Reservists complete Lebanon testimony

MK Steinitz: Pattern shows "not just one case, but a whole war poorly handled."

By
October 30, 2006 01:58
1 minute read.
Reservists complete Lebanon testimony

reserve 88. (photo credit: )

On the last day of hearing reserve soldiers' testimony about the recent war in Lebanon, the Knesset Foreign Affairs and Defense Committee concerned itself with how to ensure that similar operational mishaps won't happen again. "So much of what we have been hearing has repeated itself so often, we know it's not just one case of poor management, but rather a whole war poorly handled," MK Yuval Steinitz (Likud) said Sunday. "The question is whether this committee will do justice to these soldiers and make sure we don't need committees like this again."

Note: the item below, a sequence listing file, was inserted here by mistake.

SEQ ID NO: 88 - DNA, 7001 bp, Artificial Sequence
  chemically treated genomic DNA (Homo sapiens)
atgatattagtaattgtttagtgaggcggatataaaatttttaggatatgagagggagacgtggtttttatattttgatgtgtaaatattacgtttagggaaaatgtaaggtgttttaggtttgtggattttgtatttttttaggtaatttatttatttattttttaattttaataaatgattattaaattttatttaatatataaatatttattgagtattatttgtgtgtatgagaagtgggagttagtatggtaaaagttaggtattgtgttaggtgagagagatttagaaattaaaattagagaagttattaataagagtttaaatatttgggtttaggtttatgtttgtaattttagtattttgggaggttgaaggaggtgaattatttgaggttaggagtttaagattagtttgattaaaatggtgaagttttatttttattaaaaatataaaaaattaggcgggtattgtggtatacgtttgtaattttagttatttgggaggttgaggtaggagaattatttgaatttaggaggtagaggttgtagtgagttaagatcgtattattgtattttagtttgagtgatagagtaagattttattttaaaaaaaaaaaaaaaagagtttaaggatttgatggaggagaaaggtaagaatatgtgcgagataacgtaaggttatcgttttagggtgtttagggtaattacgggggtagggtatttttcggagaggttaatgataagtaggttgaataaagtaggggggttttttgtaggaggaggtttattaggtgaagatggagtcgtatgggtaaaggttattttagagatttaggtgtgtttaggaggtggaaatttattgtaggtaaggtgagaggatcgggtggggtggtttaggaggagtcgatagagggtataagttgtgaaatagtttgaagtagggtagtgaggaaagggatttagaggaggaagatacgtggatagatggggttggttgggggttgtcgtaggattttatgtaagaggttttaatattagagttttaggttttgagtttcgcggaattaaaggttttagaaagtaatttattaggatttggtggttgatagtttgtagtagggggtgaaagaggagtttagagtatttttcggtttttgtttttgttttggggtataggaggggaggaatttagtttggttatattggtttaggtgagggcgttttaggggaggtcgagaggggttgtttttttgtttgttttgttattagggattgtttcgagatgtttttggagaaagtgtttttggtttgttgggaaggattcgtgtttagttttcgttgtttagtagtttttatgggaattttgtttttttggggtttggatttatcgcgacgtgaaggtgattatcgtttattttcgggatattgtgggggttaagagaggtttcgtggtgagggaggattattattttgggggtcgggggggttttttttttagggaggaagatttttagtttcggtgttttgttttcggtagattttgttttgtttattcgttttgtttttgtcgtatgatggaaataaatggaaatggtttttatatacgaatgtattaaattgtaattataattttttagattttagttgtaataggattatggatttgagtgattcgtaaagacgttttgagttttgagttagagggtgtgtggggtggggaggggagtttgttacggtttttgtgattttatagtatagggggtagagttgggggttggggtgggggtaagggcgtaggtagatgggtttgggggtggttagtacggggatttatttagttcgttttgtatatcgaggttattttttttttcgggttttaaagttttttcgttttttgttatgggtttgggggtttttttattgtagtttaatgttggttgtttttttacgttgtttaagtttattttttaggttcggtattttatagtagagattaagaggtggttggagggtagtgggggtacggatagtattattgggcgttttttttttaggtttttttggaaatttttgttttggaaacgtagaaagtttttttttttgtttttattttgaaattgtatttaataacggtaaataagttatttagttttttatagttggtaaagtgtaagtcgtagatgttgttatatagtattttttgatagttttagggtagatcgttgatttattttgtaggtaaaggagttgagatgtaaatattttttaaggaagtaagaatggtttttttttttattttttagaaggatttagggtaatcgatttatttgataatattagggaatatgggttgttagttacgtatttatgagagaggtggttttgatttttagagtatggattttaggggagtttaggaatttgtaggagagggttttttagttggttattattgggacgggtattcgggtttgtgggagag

• The second Lebanon war: JPost.com special report Sunday's meeting was the third, and last, in which reserve soldiers could come and present their eyewitness testimony. The MKs will now deliberate and present their findings in a report detailing the IDF's handling of the war. More than 40 soldiers appeared before the committee in meetings held in Tel Aviv and Jerusalem, and MKs said their personal testimonies drew a disturbing picture. Many of the reservists complained of the same general problems - poor communication, confusing orders and lack of supplies. On Sunday, St.-Sgt. Itai Nivoy testified that he had treated many wounded soldiers as a combat medic stationed near Bint Jabil. However, he said, he had not been equipped with an updated medic's kit, most of his medicine had expired in 1989 and other important medical supplies had been missing. "We were lucky, simply lucky, that we didn't have any serious cases where somebody died because of this gross, gross oversight," Nivoy said. "But we were put in a very dangerous situation where a lot could have gone wrong and people could have died." Like many of the others who appeared before the committee, Nivoy said he had come to speak to the MKs not out of anger, but because he wanted to make sure that something would be done in time "for the next war." "We know that they can't change what has happened, so we aren't holding a grudge," said a soldier who gave his name as Dan. "We just want to know that for the next war, when we get called up to the reserves again, the army will get its act together." The Foreign Affairs and Defense Committee is expected to relay its findings to the Winograd Committee, the government-appointed committee that will examine the army's conduct since it withdrew from southern Lebanon in May 2000.


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